"Developing modern jazz through the musics of the world –- that's where my energy wants to go," Abbasi believes. "I don't want to separate genres and styles; I'd rather bring them together. I also don't want to pin myself down as only a jazz guitarist, but more as a versatile, universal guitarist," he states. "To create a world-based music steeped in jazz is my goal. Music is special because you can infuse all your influences into it. I hope to have a unifying affect."
In that attempt, his works combine cool virtuosity, languid mystery, spontaneous extrapolation and propulsive rhythms, underscored with knowledge originating outside of or beyond jazz's sources of blues and swing. "I’m not pushing the jazz tradition away," Abbasi says, "rather, I am following in the footsteps of some of the greatest jazz musicians. What Dizzy Gillespie did with Cuban music, how Coltrane used what he heard from India and what influences led Duke Ellington to write the 'Far East Suite,' –- that's what I'm shooting for, at least philosophically. Compositionally I like the folkloric, simple element as much as the exploratory, avant-garde element, and I'd like to continue to come up with music that’s a balance of both. If that’s accomplished, I've succeeded."
In Bazaar, Abbasi brings all the elements together, and we hear not the call from one merchant's stall competing with the cry from another's, but the myriad voices, noises, clang and blare arising, mixing, balancing and blending, returned to us by masters of sound as flowing depictions of people in action and culture undergoing change. As human nature is fundamentally universal, but each of us in individuals, we will all hear something but maybe each something different in this music. It speaks of certain irrevocable human rights, though: the right to curiosity that leads to exploration, the right of respect for difference as well as commonality, a respect that goes beyond tolerance to an understanding of difference that may lead to appreciation of it, and perhaps one's adoption of its best qualities. The world is a bazaar, Rez Abbasi might be intimating, and we profitably survey, if not go on to sample and acquire, each and every ware.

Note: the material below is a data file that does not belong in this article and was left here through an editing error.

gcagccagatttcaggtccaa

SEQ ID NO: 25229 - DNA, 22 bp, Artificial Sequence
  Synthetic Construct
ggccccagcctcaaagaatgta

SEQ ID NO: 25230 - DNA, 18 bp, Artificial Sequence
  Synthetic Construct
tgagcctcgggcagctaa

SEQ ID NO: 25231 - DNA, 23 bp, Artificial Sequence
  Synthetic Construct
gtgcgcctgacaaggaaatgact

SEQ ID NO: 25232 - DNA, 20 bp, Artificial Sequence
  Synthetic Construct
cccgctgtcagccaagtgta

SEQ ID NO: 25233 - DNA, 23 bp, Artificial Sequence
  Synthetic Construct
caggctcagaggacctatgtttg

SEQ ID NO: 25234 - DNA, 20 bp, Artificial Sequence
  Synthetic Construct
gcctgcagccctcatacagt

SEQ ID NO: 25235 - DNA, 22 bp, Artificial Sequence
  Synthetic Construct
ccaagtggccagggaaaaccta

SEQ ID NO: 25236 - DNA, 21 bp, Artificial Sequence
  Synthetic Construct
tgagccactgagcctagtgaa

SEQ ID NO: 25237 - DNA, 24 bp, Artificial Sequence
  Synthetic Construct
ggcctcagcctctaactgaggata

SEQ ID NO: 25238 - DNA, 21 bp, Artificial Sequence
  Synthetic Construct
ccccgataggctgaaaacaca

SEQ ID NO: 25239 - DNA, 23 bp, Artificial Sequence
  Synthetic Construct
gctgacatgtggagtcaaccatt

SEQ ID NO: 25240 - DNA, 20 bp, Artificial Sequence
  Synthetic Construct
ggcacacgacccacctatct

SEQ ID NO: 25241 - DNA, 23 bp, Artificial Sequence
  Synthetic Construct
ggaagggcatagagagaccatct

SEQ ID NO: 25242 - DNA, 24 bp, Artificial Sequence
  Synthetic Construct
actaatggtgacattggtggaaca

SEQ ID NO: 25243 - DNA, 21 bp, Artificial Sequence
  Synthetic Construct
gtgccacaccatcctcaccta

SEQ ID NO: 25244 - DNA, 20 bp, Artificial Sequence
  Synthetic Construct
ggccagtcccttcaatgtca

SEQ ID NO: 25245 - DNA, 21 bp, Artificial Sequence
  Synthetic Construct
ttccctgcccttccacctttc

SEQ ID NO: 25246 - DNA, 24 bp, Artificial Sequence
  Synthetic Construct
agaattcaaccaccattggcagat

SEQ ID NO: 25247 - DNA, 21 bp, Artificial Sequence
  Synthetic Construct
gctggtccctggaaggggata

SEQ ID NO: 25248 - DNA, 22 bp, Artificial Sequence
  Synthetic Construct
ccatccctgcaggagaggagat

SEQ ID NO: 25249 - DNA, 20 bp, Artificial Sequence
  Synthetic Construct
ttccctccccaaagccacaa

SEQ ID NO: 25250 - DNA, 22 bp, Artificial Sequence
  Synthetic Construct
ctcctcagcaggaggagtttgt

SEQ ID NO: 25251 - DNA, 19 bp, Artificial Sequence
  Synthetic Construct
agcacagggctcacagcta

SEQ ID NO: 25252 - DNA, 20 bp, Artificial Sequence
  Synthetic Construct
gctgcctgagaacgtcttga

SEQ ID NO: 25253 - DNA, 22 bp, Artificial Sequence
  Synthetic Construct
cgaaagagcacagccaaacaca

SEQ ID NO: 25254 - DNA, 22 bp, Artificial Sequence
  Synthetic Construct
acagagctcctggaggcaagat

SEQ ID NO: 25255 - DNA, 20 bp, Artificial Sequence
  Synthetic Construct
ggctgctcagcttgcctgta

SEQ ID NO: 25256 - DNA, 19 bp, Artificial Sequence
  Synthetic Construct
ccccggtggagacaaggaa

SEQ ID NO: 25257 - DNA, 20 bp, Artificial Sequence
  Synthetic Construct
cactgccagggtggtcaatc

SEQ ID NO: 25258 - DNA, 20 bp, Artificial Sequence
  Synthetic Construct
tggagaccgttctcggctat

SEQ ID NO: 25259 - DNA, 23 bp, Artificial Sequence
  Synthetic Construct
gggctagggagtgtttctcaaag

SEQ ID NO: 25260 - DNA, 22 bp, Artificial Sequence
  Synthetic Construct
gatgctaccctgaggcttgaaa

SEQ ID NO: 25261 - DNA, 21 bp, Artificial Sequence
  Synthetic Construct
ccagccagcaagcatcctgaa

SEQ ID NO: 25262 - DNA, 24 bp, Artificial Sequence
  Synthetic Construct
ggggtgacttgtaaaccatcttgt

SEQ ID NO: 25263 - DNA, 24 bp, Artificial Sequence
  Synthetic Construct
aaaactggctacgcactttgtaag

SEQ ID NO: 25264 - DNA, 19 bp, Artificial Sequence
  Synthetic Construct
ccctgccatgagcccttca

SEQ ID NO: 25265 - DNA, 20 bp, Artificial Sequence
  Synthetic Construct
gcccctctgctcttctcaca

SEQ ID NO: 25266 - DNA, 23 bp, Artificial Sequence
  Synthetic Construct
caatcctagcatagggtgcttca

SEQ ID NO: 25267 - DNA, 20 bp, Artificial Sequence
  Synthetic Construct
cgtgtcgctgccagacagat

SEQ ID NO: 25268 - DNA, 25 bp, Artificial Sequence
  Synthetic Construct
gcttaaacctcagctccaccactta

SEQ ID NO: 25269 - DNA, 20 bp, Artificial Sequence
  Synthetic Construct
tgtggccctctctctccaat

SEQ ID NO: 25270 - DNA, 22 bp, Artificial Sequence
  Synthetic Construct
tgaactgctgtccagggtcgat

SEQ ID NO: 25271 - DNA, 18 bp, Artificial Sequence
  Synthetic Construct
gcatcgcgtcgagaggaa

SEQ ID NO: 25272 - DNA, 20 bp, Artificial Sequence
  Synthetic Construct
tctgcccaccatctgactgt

-- Howard Mandel
Howard Mandel is a contributor to Down Beat Magazine, and President of the Jazz Journalists Asscociation.
Produced by Rez Abbasi. Recorded by Michael Marciano September 2005. Mixed by Michael Marciano and Rez Abbasi. Mastered by Michael Marciano. Engineered at Systems Two, Brooklyn, NY. Photography by Jack Frisch Package design by 3 and Co., New York (www.threeandco.com). Executive Producers: Roger Davidson and Joachim “Jochen” Becker, Becker Davidson Entertainment L.L.C.